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Quora Answer : Is the Brexit meme that European laws are made by unelected bureaucrats true?

Jan 31, 2019

It's a gross oversimplification.

Like all governances, the EU is a mix of elected representatives and appointed officials.

But in a mix that's different from the way you are used to in your national government. So it's hard to interpret until you've actually looked into it.

You might or might not think, ultimately, that it's less democratic than your ideal.

But it's worth thinking about why that is.

The reason the EU doesn't have more obvious democratic institutions like a directly elected president is because the governments of member states don't want it.

Think about it. If you voted for an EU president, that president would have a strong claim to a democratic mandate to overrule your national government. The electors could set EU-wide policies that their own governments don't want.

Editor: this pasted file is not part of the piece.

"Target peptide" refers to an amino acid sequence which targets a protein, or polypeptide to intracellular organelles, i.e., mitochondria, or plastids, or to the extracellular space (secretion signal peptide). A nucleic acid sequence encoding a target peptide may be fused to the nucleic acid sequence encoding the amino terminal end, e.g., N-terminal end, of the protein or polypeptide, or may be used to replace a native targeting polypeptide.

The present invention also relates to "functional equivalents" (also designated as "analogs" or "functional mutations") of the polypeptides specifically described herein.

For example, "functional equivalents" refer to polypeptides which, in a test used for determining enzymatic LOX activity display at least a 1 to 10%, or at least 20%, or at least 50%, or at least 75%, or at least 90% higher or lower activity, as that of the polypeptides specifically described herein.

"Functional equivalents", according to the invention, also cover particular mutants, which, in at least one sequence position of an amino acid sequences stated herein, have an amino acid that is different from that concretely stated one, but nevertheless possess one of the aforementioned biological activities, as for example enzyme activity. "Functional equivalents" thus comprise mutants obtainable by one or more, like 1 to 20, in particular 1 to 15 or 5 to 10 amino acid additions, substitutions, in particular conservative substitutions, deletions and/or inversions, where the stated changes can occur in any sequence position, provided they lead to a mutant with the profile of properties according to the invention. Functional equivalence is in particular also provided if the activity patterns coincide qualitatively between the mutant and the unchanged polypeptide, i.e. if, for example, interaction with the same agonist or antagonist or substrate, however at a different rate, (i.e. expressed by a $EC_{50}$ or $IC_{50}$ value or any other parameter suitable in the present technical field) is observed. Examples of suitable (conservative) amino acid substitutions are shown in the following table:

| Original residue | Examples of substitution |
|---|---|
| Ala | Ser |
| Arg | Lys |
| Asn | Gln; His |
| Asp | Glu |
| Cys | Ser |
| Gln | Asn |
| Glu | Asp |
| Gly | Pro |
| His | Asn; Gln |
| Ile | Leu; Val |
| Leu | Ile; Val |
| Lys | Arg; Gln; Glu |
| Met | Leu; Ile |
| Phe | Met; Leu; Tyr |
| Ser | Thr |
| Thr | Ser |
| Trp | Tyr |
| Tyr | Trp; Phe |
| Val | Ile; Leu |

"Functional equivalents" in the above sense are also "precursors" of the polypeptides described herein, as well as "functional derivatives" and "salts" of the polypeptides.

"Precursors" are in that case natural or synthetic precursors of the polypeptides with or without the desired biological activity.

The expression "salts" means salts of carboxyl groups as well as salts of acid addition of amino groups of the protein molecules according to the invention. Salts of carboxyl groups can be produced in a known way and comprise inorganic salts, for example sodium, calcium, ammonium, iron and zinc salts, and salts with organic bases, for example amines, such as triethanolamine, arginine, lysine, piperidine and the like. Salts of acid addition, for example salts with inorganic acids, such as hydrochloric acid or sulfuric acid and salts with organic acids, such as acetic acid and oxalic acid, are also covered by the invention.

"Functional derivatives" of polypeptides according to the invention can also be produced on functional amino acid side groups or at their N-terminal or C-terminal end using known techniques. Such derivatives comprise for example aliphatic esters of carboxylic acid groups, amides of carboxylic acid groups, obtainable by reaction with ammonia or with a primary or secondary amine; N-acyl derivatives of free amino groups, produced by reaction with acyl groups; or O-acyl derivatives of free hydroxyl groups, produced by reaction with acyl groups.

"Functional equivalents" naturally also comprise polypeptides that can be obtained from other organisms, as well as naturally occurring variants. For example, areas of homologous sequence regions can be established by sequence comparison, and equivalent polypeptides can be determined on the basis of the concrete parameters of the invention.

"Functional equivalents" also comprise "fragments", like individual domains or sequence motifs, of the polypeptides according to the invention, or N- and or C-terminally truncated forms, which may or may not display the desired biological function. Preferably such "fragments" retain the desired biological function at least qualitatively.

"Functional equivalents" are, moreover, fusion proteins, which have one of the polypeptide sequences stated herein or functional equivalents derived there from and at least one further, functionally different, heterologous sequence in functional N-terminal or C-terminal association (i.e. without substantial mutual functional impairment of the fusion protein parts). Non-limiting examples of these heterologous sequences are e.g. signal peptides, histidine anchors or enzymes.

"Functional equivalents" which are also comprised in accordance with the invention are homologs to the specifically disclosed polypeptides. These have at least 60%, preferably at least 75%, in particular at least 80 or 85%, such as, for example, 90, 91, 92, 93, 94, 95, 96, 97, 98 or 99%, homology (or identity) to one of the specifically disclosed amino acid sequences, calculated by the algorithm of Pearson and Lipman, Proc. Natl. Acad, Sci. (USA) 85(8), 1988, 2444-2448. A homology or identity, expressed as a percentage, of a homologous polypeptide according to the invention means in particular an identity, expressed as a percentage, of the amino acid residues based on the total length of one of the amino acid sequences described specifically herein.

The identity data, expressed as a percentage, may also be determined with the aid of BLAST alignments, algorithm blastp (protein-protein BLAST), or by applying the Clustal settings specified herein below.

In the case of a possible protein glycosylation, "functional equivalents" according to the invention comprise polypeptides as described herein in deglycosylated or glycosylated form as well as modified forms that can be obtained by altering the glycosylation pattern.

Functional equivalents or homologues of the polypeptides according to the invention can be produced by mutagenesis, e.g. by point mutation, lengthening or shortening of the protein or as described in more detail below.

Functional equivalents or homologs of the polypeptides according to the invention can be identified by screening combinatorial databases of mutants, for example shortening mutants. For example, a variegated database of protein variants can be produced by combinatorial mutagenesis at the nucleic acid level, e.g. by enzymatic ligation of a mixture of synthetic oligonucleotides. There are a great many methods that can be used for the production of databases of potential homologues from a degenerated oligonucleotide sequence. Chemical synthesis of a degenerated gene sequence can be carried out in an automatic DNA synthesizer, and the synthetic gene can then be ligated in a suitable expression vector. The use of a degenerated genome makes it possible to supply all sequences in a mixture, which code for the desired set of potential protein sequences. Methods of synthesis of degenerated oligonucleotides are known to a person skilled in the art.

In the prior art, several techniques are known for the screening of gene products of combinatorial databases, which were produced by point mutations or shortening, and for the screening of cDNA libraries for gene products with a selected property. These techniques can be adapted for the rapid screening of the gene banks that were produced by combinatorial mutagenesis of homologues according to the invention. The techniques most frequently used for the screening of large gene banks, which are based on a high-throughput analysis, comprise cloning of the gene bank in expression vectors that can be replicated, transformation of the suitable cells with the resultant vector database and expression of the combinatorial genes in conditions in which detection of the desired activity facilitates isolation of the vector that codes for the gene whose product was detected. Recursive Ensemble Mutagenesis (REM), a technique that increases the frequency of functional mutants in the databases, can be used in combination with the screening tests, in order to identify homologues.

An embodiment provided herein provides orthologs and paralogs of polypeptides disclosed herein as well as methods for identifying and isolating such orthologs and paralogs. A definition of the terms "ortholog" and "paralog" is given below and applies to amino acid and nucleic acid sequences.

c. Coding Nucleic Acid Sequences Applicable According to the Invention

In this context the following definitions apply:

National governments of member states don't want that, so they prefer to appoint the senior figures in the EU rather than have them elected. That way they hold on to all the democratic legitimacy for themselves.

It suits the UK government to keep the EU from being "properly democratic" while then complaining that the EU isn't properly democratic.

Of course, it suits the French government, the German government and all the others too.

A properly democratic - in the way you understand it, with officials directly elected by voters - EU government, would be the fastest road to a full European superstate. The "lack of democracy" is the mechanism that member states use to prevent that.

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